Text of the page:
July 2, 2009
Variety discovered deep media this week (okay, they called it transmedia, but I’m not going to get pedantic) in the person of Jeff Gomez, whose entertainment-industry consultancy Starlight Runner has worked with companies like Coca-Cola (The Happiness Factory), Disney (Pirates of the Caribbean), and Microsoft (Halo) to extend stories in any number of ways. Unlike such firms as 42 Entertainment and Fourth Wall Studios, which have specialized in highly interactive entertainments tied to soon-to-be-released movies and TV shows, Starlight Runner focuses primarily on untangling messy backstories and retooling sagas for other formats—film, television, video game, what have you. In Hollywood, that translates into franchise-building—and since franchises act as reliable money machines in a business that’s otherwise a massive crapshoot, Gomez’s services have been much in demand lately. Which is as it should be; he’s one of the smartest people I’ve encountered in a field that’s full of them.
But did Variety really get the story? Clearly not, and John Tarnoff quickly called them on it in his blog. Unsurprisingly, the Variety piece focused on the aspect of Gomez’s work that’s most easily monetized and understood: replicating your franchise on different “platforms.” Tarnoff, himself a consultant and formerly head of show development at DreamWorks Animation, pointed out—quite correctly—that Variety neglected to mention one of the most important elements of franchise-building: interactivity. In its account, Tarnoff wrote, “media is still just a one-way downstream flow from the creator to the consumer.” But that, of course, is just the way the industry likes it.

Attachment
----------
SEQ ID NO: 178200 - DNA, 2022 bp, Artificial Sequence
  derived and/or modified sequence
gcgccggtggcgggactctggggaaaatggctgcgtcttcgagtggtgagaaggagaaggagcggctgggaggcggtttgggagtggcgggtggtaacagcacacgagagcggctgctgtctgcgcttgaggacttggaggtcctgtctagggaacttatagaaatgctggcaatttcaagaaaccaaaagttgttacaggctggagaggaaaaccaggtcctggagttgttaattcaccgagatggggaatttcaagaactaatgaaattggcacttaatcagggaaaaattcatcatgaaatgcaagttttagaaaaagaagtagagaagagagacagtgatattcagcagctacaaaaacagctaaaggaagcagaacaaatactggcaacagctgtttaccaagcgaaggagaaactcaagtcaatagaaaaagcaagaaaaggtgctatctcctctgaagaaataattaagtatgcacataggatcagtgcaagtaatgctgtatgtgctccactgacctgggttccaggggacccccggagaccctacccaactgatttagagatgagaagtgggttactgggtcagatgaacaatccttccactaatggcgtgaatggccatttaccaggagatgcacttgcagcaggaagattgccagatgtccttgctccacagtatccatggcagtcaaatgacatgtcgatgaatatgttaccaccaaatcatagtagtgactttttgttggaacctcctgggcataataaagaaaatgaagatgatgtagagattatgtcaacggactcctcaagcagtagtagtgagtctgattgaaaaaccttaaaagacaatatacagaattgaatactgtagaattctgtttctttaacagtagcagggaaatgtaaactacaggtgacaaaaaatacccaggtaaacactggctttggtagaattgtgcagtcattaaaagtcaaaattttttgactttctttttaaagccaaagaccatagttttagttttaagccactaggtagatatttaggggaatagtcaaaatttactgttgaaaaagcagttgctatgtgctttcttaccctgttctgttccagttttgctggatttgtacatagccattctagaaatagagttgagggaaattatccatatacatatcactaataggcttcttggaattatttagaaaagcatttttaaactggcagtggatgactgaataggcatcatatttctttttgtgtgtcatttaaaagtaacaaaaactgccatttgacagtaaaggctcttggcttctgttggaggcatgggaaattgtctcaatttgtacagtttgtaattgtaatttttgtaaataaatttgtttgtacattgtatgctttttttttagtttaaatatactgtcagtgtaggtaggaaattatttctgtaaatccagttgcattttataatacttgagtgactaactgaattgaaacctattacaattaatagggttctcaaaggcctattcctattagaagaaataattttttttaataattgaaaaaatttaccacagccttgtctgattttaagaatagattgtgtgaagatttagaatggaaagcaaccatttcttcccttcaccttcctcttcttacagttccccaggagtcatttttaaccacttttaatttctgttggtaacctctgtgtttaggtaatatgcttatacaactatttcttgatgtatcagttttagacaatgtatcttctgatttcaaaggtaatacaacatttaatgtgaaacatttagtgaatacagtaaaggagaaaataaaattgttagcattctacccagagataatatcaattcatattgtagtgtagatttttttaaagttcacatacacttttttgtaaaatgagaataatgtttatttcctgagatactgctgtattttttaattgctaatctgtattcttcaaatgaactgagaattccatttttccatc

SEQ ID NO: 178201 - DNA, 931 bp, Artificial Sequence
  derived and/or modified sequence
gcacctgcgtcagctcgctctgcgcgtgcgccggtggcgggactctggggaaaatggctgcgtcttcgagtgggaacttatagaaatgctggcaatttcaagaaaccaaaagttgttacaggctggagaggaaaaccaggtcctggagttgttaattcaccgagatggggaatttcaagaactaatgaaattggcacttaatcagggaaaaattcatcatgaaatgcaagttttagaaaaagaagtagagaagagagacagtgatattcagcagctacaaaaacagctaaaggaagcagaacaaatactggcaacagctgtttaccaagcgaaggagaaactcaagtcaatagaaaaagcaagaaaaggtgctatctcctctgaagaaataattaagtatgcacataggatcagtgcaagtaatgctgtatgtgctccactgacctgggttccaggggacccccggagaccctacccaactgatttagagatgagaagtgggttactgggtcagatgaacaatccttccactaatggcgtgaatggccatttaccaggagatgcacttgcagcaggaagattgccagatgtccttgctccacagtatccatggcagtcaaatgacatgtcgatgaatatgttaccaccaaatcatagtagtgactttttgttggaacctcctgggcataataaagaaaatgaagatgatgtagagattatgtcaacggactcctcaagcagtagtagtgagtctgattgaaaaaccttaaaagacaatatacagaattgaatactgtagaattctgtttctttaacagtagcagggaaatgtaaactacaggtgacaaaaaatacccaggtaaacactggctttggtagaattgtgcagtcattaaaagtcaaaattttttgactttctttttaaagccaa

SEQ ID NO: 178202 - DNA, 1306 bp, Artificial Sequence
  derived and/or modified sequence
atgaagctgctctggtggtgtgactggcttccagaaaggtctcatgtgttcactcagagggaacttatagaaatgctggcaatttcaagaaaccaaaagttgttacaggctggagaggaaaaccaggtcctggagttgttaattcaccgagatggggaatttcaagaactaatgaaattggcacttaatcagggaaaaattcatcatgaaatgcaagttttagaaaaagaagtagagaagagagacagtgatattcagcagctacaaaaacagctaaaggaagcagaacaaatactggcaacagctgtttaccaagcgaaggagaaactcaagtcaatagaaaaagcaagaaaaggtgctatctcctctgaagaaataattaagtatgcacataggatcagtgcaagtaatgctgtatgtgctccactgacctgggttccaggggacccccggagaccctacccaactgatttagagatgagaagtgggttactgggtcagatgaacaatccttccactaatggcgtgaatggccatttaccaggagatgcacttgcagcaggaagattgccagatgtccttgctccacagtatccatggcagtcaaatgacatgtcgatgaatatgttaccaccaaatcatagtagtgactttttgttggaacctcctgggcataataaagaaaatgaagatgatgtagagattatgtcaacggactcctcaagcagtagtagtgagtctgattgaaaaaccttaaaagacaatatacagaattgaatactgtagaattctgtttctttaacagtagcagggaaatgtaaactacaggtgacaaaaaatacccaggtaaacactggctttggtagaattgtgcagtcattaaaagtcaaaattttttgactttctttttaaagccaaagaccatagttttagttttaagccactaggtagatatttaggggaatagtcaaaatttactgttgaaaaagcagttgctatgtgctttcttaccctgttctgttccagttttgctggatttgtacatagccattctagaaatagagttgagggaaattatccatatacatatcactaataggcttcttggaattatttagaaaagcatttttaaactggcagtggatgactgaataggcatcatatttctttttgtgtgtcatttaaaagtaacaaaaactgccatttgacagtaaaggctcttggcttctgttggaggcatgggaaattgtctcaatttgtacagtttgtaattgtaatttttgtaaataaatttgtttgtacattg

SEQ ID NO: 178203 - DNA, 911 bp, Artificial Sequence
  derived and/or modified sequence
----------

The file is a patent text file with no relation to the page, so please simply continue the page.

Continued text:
There were other omissions in the Variety article as well. Oddly, it quoted Gomez on The Dark Knight, which he didn’t work on, while neglecting to mention 42 Entertainment, which last week won a Grand Prix at the Cannes Lions for “Why So Serious?”, the incredibly successful alternate reality game that led up to the film’s release. During its 15-month run, “Why So Serious?” drew some 11 million people across the planet to a panoply of Web sites, puzzles, real-world contests, and live events. Too interactive, perhaps?
Apparently so. In a comment on Tarnoff’s blog, Gomez said he talked extensively with Variety about audience participation but the article “rightly” focused on what studio executives were prepared to grasp. Directors and producers are a different story; many—Charles Roven, Guillermo del Toro, Gore Verbinski, Anthony Zuiker—are quite committed to interactive storytelling. But as Gomez wrote, “The element of interactivity and participation is actually fairly frightening to corporate execs, because it implies a loss of control, and there is no clear monetization model for this. All in good time, I say. The Star Wars galaxy was not built in a day.”